Commercial Litigation and Arbitration

Trial — Summaries, Consent Decree, Guilt-Assuming Hypotheticals

Summaries. The government in United States v. Dukes, 2007 U.S. App. LEXIS 15961 (4th Cir. July 3, 2007), offered a financial summary chart into evidence that it did not present to the defendant until two weeks into the trial. It had presented an earlier iteration, but that version was much less detailed. The defendant, who was on trial for sponsoring a phony investment scheme, objected that he had been given inadequate notice of the exhibit. The Fourth Circuit pointed out that Rule 1006 ‛requires only that the summarized documents, and not the summaries themselves, be made available to the opposing party at a ‘reasonable time and place,’“ and that this prerequisite that was satisfied. The Dukes Court emphasized, however, that (1) "no federal rule is needed ... to empower a district judge to prevent a party from springing summaries of thousands of documents on the opposing party so late in the day that the party can't check their accuracy against the summarized documents before trial" (in fact, Rule 611 vests this discretion in the trial judge), and (2) ‛Rule 1006's purpose is thwarted if the summaries themselves are not provided to the opposing party at a reasonable time ‘because, without notice of the summaries' contents, adverse parties cannot know what to look for in the source material to determine if the summaries are accurate’“ (citations omitted). The trial judge was found sufficiently protective of the defendant on this score, granting defense counsel additional time to prepare for cross. In civil cases, exclusion could also be sought for violation of the pretrial order's date for exchanging exhibits. The violation may be clear, but this sort of issue gets a bit touchy feely in trial.

Use of Consent Decree to Impeach. Federal Rule of Evidence 408 was amended effective December 1, 2006, to tighten even further the prohibition against admissibility of settlement negotiations, but with a large loophole for prosecutors in subdivision (a)(2):

Rule 408. Compromise and Offers to Compromise

(a) Prohibited uses.

—Evidence of the following is not admissible on behalf of any party, when offered to prove liability for, invalidity of, or amount of a claim that was disputed as to validity or amount, or to impeach through a prior inconsistent statement or contradiction:

(1) furnishing or offering or promising to furnish or accepting or offering or promising to accept a valuable consideration in compromising or attempting to compromise the claim ; and

(2) conduct or statements made in compromise negotiations regarding the claim, except when offered in a criminal case and the negotiations related to a claim by a public office or agency in the exercise of regulatory, investigative, or enforcement authority.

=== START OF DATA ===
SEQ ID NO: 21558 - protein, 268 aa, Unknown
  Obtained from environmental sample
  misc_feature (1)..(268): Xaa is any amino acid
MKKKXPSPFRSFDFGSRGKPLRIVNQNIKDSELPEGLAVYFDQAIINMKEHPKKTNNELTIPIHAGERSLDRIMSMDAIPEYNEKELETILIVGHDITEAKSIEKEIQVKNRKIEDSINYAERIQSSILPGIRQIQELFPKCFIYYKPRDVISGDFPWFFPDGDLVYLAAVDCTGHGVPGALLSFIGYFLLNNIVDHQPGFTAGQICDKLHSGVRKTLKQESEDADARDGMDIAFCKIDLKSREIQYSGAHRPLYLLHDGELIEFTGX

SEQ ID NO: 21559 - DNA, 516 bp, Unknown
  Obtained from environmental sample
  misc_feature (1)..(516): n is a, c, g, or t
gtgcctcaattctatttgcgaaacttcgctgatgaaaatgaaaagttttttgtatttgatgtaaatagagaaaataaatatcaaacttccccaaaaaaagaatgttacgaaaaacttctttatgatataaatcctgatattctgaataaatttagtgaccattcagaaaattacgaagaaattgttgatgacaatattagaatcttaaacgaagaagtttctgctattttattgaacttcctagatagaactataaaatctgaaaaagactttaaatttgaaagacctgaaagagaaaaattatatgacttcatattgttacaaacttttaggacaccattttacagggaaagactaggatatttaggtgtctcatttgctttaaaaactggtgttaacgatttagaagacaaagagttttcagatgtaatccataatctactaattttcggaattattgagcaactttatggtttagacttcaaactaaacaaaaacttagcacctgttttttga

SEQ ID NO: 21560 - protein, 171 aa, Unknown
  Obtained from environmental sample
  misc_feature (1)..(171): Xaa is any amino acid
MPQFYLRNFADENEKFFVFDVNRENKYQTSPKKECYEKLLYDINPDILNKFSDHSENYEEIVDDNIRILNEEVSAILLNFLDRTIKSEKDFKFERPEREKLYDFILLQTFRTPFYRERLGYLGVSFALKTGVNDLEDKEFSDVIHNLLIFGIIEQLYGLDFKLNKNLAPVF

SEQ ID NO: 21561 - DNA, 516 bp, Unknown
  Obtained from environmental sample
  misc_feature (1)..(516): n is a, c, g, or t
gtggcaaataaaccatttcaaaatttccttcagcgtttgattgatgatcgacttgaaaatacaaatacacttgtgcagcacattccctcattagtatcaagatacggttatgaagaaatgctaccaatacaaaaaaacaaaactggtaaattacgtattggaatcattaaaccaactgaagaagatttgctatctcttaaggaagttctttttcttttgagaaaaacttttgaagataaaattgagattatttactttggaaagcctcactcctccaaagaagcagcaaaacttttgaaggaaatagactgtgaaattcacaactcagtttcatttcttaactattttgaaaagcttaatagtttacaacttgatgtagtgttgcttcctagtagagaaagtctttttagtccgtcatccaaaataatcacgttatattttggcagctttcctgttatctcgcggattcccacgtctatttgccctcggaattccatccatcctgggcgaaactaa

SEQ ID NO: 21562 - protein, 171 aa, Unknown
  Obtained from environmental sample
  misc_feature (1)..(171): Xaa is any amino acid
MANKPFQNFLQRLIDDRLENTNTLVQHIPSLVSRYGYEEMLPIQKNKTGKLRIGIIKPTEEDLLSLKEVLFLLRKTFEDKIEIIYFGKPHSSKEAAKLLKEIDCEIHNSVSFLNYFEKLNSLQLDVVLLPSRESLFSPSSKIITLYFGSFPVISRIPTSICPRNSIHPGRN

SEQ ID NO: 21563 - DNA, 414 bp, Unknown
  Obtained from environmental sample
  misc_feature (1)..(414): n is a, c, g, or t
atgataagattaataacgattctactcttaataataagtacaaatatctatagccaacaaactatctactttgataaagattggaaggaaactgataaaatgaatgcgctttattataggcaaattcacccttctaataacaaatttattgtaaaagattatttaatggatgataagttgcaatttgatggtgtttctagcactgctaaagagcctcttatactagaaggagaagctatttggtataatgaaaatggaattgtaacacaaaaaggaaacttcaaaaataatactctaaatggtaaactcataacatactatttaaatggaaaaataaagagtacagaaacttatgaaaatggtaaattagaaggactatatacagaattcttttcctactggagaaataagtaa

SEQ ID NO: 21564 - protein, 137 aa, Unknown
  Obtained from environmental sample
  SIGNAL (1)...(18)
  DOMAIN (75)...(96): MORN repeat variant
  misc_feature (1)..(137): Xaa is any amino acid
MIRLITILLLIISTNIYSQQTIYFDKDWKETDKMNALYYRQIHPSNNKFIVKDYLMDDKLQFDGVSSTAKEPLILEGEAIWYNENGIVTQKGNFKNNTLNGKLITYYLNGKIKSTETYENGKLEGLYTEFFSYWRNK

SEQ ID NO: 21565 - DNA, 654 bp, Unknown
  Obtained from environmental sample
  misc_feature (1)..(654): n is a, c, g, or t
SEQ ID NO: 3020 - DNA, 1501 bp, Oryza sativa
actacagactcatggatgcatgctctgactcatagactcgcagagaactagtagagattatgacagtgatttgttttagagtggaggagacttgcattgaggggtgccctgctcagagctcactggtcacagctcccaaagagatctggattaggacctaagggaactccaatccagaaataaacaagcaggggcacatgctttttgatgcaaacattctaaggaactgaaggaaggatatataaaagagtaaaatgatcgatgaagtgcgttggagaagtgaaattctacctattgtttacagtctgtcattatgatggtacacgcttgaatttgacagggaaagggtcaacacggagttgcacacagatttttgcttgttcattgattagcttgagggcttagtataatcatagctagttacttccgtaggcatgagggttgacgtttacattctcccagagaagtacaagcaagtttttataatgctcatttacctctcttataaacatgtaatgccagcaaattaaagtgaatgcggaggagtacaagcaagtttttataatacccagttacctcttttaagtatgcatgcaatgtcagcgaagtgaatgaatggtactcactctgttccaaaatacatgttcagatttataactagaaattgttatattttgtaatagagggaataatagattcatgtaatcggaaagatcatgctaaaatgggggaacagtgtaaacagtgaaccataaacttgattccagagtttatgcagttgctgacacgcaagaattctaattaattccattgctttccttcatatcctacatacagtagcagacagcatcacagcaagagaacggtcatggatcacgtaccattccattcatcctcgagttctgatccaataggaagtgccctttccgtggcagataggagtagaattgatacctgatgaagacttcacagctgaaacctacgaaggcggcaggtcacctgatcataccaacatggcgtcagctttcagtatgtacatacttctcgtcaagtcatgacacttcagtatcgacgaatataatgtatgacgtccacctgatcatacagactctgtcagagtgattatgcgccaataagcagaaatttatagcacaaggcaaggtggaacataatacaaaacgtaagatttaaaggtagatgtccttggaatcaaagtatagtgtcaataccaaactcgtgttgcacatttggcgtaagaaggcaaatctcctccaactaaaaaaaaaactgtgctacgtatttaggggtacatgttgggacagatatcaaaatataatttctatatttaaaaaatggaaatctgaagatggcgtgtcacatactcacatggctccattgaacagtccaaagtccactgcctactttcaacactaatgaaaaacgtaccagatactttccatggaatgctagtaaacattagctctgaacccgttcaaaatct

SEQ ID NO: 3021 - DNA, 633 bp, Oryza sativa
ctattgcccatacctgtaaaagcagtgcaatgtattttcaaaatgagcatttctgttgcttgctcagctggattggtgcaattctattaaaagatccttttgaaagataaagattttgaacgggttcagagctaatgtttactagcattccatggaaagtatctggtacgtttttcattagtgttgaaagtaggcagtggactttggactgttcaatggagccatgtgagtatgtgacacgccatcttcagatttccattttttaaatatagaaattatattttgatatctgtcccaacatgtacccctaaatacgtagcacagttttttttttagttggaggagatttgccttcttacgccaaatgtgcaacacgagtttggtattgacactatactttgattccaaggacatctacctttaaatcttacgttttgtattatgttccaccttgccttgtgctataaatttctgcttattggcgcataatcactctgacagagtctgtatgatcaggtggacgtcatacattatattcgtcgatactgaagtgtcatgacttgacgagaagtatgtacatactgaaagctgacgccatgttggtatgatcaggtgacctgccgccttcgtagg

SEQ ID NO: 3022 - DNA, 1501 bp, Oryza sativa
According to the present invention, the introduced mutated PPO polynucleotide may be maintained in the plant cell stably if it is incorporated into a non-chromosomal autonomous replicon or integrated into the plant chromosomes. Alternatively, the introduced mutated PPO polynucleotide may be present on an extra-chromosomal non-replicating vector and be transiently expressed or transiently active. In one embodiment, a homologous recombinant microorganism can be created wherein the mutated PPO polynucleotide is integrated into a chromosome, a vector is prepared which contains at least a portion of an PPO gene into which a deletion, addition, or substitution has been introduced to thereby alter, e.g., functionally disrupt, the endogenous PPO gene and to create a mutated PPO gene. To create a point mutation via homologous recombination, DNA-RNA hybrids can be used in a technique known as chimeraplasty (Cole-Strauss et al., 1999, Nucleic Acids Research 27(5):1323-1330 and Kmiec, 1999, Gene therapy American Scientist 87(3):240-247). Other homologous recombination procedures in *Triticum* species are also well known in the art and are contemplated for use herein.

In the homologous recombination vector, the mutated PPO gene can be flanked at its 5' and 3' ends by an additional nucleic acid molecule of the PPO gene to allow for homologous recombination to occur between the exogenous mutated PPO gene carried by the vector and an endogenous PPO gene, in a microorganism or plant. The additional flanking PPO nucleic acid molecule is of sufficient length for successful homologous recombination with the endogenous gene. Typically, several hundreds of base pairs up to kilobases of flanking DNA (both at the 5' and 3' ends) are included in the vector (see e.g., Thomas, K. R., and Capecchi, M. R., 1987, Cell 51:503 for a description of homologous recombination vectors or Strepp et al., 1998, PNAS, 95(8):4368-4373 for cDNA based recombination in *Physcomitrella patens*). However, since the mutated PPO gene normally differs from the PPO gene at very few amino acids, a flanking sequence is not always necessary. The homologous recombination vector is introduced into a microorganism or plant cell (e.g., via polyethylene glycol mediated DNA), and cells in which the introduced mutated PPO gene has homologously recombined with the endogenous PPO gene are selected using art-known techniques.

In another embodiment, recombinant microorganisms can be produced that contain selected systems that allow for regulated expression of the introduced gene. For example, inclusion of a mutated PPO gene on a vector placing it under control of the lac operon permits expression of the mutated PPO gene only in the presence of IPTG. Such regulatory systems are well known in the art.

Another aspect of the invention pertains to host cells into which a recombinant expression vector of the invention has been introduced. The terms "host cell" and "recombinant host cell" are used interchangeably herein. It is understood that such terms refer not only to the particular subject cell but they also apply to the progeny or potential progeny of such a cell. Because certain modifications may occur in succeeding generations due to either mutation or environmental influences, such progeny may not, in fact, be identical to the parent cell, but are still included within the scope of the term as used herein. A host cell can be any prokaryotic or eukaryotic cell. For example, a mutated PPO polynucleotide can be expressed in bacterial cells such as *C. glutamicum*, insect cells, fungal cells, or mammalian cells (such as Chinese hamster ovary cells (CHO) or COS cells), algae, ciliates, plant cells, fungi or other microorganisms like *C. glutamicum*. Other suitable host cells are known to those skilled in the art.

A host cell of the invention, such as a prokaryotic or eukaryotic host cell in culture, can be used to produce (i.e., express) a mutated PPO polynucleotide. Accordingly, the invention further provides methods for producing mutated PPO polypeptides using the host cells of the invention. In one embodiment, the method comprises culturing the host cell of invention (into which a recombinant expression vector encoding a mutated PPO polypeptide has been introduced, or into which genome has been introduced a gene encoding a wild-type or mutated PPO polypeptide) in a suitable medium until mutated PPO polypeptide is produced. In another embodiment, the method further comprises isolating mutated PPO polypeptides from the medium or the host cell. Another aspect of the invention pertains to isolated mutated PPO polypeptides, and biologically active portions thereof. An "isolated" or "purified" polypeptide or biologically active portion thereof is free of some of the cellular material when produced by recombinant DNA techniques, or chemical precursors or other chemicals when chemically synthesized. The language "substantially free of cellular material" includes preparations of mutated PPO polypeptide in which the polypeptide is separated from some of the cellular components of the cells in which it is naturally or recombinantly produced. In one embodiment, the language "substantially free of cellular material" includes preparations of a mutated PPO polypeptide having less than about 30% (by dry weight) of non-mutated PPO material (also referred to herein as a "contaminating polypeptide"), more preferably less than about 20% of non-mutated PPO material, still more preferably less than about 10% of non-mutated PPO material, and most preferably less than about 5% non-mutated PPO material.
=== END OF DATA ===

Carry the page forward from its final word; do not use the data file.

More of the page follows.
(b) Permitted uses.

This rule does not require exclusion if the evidence is offered for purposes not prohibited by subdivision (a). Examples of permissible purposes include proving a witness's bias or prejudice ; negating a contention of undue delay; and proving an effort to obstruct a criminal investigation or prosecution.

Although it was governed by the prior version of the rule, the Dukes decision illustrates the difference between civil and criminal practice under Rule 408 because the government was permitted to impeach using the consent decree in a way that the rule plainly forbids in civil actions. The defendant in Dukes was charged with mail fraud and other crimes arising out of a fraudulent investment scheme. A consent order entered by the Maryland Securities Commission (after the fact) to settle state charges against Dukes provided that none of the three investment vehicles (companies) ‛has any prospect of going public.“ At trial, over the defendant’s objection, the prosecution questioned a victim (investor) as follows:

Government: "Did Mr. Dukes ever tell you ... that none of the three ... companies has any prospect for going public?"

Witness: "No, he did not."

Government: "And if he had told you that, would that have affected your decision to invest...?"

Witness: "Yes, it would have."

There are a lot of issues raised by this line of questioning (not the least of which has to do with the tense of the verb "has"). A key decision by the trial judge was to allow the consent decree in its entirety to go to the jury to impeach the defendant’s position that he acted in good faith at all times. While the appellate court was troubled on Rule 403 grounds that the entire document went to the jury, by a vote of 2 to 1, the Fourth Circuit refused to overturn the jury’s verdict given the defendant’s failure to object sufficiently (in the majority’s view) under either Rule 403 or 408. Note that subdivision (a)(2) of the current version of the Rule explicitly sanctions use of the relevant portion of the consent decree in a criminal — but not a civil — proceeding for impeachment, albeit still subject to Rule 403.

Guilt-Assuming Hypotheticals. Another problem with this line of testimony is that it arguably ran afoul of the rule prohibiting a questioner from asking a witness to assume a hypothetical fact situation corresponding to the crime for this the defendant is being tried. The majority ruled, however, that the first question was not hypothetical — it was merely asking the witness for historical information — and the second question, while hypothetical, did not assume the defendant’s guilt.

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